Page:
Boris Johnson insists he has ‘full confidence’ in Baroness Dido Harding despite continued failures of coronavirus test and trace regime she runs amid Tory calls for her to QUIT
- NHS Test and Trace service was supposed to be key to controlling the disease
- But the system last week hit a record low, prompting demands for Harding to go
- Just 59.6% of contacts of people testing positive were found and told to isolate
- No10: ‘The Prime Minister continues to have full confidence in Dido Harding’
Boris Johnson has ‘full confidence’ in the former TalkTalk chief executive despite the continued poor performance of what is mean to be a ‘world-beating’ system under her management
Boris Johnson has ‘full confidence’ in the former TalkTalk chief executive despite the continued poor performance of what is mean to be a ‘world-beating’ system under her management.
It came amid calls for her to step aside and allow someone else to breathe new life into what should b a major weapon in the Government’s anti-coronavirus arsenal.
Amid the talks between councils and Government about escalating the tier levels in England, the Government has faced increasing criticism that the NHS Test and Trace service, which was supposed to be the key to controlling the disease, is failing.
The system last week hit a record low with just 59.6 per cent of the contacts of people who tested positive for the disease being successfully contacted and told to self-isolate.
It prompted senior backbencher Sir Bernard Jenkin, chairman of the Liaison Committee, to join Labour in suggesting she be replaced.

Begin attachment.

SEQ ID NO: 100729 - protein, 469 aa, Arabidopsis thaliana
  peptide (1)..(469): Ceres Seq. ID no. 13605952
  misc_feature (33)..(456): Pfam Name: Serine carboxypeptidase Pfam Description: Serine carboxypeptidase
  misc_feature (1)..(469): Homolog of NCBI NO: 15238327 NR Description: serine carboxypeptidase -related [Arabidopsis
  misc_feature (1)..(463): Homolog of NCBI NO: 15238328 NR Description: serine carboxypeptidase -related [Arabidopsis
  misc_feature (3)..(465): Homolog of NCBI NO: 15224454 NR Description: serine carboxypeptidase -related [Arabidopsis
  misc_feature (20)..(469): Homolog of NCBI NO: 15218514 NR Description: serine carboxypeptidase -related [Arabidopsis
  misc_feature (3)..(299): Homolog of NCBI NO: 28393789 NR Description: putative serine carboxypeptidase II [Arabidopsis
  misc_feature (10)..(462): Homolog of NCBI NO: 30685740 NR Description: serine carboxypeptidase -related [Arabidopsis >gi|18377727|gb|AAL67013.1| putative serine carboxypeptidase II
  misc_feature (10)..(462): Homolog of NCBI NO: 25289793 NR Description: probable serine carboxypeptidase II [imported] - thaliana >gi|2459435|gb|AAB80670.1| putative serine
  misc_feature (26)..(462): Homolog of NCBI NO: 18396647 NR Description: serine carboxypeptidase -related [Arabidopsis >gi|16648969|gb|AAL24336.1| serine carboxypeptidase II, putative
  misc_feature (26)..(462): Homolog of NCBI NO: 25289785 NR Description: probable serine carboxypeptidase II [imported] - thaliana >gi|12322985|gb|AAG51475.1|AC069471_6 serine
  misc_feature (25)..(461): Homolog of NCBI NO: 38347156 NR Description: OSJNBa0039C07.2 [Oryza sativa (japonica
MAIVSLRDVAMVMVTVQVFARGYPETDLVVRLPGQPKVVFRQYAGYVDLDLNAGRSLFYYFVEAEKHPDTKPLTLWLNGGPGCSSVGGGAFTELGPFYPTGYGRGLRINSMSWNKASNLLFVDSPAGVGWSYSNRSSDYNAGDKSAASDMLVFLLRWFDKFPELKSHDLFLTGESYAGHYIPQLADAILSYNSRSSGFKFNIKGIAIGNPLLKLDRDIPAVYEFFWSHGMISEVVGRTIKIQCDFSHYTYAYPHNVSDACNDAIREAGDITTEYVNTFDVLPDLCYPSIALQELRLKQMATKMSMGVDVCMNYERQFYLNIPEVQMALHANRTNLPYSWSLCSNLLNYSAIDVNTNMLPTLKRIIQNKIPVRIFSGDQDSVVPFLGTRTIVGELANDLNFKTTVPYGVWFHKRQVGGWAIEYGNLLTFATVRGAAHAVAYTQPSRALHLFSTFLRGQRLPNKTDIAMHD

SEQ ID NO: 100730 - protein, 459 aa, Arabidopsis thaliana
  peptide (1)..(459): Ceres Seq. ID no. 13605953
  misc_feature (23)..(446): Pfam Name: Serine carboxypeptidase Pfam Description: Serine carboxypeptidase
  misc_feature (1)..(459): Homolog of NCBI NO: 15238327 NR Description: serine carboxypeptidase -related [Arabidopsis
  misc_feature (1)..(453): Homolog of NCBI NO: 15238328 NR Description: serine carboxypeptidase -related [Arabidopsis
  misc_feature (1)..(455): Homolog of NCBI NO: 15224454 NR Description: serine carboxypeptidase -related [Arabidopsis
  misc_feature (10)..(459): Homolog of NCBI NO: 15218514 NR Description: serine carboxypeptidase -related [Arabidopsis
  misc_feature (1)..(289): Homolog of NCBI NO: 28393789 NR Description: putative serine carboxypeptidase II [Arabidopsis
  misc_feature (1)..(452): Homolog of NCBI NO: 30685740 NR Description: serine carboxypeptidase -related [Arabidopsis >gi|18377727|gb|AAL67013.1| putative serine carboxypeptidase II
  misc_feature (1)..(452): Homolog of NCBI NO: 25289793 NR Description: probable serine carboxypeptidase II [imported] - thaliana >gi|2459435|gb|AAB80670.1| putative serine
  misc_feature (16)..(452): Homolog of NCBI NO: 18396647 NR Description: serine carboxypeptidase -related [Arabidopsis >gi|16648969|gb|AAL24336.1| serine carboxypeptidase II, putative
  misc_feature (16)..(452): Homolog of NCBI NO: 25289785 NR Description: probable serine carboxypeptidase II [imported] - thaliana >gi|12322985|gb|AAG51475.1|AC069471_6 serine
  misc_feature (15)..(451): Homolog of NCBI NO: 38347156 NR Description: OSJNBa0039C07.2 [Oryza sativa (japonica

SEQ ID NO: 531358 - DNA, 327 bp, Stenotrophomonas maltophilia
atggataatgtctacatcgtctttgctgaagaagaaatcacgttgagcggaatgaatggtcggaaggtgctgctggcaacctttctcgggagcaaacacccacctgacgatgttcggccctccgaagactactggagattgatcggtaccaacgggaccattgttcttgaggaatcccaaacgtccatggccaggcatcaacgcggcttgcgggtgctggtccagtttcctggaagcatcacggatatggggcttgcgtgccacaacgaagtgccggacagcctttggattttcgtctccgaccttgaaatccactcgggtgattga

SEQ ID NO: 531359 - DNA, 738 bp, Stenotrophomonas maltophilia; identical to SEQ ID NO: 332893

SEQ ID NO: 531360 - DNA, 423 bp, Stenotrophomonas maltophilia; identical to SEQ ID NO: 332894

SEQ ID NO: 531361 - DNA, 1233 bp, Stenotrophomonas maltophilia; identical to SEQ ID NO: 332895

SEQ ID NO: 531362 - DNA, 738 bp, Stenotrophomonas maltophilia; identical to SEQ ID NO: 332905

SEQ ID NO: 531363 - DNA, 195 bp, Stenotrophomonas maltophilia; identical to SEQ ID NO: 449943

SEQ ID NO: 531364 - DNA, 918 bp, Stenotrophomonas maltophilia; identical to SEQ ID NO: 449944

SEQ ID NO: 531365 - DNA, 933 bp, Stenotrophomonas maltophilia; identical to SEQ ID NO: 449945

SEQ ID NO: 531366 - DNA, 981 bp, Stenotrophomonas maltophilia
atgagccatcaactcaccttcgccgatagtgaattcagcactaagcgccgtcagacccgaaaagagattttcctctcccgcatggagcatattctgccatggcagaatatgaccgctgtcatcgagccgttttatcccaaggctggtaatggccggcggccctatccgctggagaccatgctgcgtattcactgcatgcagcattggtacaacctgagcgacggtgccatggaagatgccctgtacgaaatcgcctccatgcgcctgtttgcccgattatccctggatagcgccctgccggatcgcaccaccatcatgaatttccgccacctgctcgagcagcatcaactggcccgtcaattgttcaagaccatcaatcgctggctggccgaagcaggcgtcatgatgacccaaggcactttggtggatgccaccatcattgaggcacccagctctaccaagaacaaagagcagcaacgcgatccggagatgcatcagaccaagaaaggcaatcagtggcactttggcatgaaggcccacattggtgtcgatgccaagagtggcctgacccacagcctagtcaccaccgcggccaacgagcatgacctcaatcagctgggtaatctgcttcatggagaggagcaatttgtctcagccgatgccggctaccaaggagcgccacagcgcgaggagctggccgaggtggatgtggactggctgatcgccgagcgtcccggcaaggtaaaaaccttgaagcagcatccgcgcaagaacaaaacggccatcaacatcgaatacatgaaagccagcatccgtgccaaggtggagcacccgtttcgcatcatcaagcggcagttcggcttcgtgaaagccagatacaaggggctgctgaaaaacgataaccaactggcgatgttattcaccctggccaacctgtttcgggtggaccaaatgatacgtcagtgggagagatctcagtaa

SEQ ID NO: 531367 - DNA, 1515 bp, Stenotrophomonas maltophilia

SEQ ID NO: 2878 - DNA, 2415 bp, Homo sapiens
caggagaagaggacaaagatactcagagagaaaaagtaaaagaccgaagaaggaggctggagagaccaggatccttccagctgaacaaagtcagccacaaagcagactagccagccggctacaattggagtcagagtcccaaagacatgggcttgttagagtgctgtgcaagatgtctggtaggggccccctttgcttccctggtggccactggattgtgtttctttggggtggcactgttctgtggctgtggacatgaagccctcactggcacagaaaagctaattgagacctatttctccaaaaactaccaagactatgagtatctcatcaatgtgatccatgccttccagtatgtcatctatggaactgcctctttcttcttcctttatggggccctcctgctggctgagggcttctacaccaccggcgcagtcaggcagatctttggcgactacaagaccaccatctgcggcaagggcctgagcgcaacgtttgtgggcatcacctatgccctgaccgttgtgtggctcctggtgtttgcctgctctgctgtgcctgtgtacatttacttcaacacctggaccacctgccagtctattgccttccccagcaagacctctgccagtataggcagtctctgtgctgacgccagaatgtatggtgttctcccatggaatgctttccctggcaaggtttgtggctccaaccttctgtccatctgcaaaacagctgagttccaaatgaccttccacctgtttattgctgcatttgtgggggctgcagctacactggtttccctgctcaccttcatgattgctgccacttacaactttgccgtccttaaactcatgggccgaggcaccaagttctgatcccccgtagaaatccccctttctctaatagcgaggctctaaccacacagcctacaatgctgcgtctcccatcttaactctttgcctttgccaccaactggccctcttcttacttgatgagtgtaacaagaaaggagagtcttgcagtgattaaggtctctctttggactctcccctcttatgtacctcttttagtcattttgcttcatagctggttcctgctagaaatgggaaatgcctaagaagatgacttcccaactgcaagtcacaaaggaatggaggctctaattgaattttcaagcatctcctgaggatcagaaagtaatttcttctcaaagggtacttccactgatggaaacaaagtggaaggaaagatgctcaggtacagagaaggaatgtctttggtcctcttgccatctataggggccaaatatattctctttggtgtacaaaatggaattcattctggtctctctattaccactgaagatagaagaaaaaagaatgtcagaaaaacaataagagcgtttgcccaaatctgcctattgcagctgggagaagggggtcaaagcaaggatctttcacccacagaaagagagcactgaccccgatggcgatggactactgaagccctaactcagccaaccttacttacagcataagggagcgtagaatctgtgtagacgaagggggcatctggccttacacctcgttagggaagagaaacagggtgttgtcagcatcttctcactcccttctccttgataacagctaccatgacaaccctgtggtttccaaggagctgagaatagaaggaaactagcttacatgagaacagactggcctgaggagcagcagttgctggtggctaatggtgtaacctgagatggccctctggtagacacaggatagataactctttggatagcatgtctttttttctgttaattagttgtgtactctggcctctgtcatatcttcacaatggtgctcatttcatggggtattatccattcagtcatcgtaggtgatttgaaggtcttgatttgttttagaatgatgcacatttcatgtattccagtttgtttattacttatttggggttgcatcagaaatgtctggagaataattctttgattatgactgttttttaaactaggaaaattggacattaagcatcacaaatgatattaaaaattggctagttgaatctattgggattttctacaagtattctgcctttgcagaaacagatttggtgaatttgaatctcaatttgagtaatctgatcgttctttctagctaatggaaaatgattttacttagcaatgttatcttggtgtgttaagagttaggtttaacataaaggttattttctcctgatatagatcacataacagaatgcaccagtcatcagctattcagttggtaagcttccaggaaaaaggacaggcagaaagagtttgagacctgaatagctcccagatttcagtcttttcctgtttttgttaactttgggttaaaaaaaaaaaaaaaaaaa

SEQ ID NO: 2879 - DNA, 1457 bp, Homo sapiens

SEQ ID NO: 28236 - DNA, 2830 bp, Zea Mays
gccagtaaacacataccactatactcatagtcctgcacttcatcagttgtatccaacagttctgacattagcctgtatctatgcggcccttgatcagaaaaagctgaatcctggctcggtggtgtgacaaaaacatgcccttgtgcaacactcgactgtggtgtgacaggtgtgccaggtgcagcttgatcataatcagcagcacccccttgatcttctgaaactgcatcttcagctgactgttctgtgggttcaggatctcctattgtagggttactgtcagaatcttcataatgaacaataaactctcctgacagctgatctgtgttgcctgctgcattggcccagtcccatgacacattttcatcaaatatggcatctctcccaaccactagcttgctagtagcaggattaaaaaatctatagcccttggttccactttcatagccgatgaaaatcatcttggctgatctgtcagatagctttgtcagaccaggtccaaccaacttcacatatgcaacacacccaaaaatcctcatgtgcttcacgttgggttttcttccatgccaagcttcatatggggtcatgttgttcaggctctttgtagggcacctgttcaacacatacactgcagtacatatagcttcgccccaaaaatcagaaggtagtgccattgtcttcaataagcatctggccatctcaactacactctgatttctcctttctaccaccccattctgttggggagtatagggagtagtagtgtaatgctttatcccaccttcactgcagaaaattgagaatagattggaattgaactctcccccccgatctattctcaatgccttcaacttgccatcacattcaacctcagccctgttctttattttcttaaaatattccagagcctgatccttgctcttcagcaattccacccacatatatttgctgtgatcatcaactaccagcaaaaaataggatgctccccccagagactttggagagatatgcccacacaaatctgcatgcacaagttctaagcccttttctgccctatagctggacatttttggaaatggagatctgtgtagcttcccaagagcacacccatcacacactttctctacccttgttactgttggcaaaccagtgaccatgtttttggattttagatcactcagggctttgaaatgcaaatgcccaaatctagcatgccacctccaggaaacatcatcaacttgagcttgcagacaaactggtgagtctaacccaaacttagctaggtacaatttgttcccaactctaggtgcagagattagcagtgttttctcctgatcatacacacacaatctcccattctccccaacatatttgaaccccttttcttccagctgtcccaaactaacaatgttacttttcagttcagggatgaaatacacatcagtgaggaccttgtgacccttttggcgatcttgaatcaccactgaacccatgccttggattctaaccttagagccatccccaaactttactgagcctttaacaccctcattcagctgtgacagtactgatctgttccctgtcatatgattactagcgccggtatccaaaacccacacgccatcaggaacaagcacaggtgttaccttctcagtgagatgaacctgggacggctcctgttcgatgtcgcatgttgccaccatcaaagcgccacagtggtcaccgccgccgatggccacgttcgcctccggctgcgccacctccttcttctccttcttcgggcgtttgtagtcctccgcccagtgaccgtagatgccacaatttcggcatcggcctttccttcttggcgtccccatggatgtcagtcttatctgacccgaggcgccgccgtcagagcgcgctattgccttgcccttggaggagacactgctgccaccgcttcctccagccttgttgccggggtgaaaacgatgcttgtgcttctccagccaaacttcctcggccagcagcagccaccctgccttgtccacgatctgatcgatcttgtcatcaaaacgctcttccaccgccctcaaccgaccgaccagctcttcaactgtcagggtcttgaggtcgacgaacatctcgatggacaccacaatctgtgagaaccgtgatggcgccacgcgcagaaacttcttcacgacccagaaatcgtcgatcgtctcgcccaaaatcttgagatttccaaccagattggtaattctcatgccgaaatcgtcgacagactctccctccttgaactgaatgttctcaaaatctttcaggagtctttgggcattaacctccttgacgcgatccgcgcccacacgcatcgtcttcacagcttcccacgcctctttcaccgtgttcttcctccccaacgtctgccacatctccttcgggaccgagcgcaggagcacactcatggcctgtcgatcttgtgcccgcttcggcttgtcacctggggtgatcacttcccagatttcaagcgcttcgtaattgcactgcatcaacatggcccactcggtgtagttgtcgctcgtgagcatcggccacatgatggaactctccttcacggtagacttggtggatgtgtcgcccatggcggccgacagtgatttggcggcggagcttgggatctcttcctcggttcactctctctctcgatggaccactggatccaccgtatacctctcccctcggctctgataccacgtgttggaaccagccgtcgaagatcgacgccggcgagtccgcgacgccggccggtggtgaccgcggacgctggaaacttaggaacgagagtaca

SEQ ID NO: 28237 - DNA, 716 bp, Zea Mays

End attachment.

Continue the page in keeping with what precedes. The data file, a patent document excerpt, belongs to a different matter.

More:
But Mr Johnson’s official spokesman told reporters today: ‘I think we’ve certainly set out before that the Prime Minister continues to have full confidence in Dido Harding.
‘NHS Test and Trace has built a testing capacity of over 360,000-a-day from a starting point of 2,000-a-day in March. That is a bigger figure per head than in France, Germany, Italy and Spain – 1.1million have been contacted and told to self-isolate.
‘But as you’ve also heard the Prime Minister say, the system does need to improve especially in terms of the turnaround times for tests and we expect that to happen.’
He said staffing levels were being increased and that more automation would allow for more tests to be carried out ‘in order to drive improvement’.
This morning Health Secretary Matt Hancock (right, with Prue Leith) , Baroness Harding’s boss, defended her handling of the system
Sir Bernard Jenkin, chairman of the Liaison Committee, said that Lady Harding should be given a ‘well-earned break’ so she and others could ‘reflect on the lessons learned so far’
In a scathing attack on Test and trace yesterday, Sir Bernard said there was a ‘vacuum of leadership’ at the top which was ‘destroying cooperation and compliance’ by the public.
Writing in The Sunday Telegraph, he called for a change that was ‘visible and decisive’ with a senior military figure being put in charge.
‘There is a spaghetti of command and control at the top, which is incapable of coherent analysis, assessment, planning and delivery,’ he wrote.
‘The immediate priority is to fill the vacuum of leadership in Test and Trace, which is destroying cooperation and compliance.
‘Government harnessed the military to regain control in the foot and mouth crisis; the Prime Minister should follow that example today, by installing a single leader, a three or four star military commander with a reputation for handling complexity under stress.
Sir Bernard, who chairs the Liaison Committee of senior MPs which questions the Prime Minister twice a year, added that Lady Harding should be given a ‘well-earned break’ so she and others could ‘reflect on the lessons learned so far’.
But this morning Health Secretary Matt Hancock, Baroness Harding’s boss, defended her handling of the system.
Asked on BBC Breakfast if she is the right person for the job, Mr Hancock replied: ‘Yes, of course.’
He said: ‘I look at the whole system and how it’s operating. It’s really easy to pick at one individual data point, but you have got to look at the system as a whole.
‘This is a system that’s expanding fast and is absolutely critical to helping reduce the spread of the virus.’